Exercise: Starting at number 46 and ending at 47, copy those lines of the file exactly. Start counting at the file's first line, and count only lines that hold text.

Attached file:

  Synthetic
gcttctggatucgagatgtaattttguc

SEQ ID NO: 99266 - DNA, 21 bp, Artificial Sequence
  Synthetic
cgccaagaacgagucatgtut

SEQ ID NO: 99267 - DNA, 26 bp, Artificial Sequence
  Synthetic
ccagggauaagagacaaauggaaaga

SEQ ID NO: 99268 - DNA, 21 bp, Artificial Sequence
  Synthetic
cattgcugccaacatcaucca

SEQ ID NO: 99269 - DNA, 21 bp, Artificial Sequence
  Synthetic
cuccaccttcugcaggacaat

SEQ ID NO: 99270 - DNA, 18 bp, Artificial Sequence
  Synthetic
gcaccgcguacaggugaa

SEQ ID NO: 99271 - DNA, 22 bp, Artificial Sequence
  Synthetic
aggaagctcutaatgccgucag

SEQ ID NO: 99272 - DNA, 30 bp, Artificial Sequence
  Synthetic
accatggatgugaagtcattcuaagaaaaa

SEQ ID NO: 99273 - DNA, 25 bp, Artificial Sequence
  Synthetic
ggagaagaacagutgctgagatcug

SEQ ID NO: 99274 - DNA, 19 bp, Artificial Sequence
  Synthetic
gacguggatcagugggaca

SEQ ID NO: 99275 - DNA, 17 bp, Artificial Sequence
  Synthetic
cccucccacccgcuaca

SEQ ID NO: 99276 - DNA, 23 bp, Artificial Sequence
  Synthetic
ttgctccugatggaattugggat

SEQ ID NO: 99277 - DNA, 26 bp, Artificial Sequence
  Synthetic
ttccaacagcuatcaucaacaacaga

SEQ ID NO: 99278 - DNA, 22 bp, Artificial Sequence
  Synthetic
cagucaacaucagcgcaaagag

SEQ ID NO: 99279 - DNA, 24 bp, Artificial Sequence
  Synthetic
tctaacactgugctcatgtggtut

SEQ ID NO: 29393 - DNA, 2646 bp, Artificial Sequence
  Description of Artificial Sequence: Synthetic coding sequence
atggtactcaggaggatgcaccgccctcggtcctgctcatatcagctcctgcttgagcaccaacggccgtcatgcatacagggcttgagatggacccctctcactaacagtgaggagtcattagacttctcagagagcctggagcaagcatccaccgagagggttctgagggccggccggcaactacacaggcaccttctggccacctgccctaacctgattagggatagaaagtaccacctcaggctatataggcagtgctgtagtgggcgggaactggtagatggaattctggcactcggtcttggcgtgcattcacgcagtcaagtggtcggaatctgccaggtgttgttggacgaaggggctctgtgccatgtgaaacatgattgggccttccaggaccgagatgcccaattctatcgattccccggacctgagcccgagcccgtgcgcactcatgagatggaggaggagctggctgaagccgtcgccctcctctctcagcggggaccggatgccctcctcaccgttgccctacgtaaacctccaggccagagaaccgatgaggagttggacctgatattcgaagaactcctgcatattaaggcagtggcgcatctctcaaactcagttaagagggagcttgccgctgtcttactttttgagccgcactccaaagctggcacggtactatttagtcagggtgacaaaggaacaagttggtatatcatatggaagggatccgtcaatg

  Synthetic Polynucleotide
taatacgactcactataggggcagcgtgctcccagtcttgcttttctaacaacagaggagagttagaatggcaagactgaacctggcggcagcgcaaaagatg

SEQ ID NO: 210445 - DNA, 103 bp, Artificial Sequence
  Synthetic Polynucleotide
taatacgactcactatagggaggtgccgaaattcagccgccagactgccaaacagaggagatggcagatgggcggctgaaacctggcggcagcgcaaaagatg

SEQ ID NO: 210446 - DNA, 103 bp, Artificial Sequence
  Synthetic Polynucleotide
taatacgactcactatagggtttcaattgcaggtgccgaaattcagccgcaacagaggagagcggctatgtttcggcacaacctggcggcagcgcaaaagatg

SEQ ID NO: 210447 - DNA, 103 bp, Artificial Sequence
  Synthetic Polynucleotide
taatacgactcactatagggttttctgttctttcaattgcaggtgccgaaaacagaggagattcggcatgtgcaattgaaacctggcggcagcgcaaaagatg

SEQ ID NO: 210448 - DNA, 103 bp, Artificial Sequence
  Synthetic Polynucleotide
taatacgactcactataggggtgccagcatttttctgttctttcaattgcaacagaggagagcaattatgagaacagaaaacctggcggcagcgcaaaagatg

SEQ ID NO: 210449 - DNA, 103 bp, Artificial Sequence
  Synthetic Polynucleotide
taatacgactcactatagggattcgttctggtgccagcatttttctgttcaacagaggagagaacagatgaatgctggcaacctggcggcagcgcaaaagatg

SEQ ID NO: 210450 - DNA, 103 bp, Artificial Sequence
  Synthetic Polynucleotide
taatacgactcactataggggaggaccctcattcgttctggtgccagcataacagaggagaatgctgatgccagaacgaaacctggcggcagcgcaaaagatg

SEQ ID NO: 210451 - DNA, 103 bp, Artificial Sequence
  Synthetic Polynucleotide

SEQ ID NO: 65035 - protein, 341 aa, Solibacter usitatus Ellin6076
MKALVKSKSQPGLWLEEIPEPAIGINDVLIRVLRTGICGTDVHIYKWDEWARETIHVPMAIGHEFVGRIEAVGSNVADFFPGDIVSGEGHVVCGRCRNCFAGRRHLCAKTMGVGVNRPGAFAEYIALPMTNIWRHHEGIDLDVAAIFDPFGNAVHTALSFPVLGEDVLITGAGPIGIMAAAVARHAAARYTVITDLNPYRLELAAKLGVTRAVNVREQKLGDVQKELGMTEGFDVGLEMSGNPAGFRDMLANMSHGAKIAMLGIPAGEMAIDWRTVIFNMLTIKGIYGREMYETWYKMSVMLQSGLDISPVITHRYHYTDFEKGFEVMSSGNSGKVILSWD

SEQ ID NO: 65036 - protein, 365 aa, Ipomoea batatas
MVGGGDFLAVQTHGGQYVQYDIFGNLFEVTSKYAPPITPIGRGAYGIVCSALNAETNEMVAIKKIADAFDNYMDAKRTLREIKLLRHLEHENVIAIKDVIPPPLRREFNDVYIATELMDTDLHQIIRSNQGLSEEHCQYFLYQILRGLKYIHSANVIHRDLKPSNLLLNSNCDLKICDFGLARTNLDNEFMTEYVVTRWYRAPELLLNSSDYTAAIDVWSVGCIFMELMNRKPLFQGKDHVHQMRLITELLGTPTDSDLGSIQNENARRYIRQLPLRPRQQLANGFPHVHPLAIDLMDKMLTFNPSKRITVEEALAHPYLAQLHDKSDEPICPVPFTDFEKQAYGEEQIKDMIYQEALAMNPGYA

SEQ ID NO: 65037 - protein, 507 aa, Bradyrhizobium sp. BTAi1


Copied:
  Description of Artificial Sequence: Synthetic coding sequence
atggtactcaggaggatgcaccgccctcggtcctgctcatatcagctcctgcttgagcaccaacggccgtcatgcatacagggcttgagatggacccctctcactaacagtgaggagtcattagacttctcagagagcctggagcaagcatccaccgagagggttctgagggccggccggcaactacacaggcaccttctggccacctgccctaacctgattagggatagaaagtaccacctcaggctatataggcagtgctgtagtgggcgggaactggtagatggaattctggcactcggtcttggcgtgcattcacgcagtcaagtggtcggaatctgccaggtgttgttggacgaaggggctctgtgccatgtgaaacatgattgggccttccaggaccgagatgcccaattctatcgattccccggacctgagcccgagcccgtgcgcactcatgagatggaggaggagctggctgaagccgtcgccctcctctctcagcggggaccggatgccctcctcaccgttgccctacgtaaacctccaggccagagaaccgatgaggagttggacctgatattcgaagaactcctgcatattaaggcagtggcgcatctctcaaactcagttaagagggagcttgccgctgtcttactttttgagccgcactccaaagctggcacggtactatttagtcagggtgacaaaggaacaagttggtatatcatatggaagggatccgtcaatg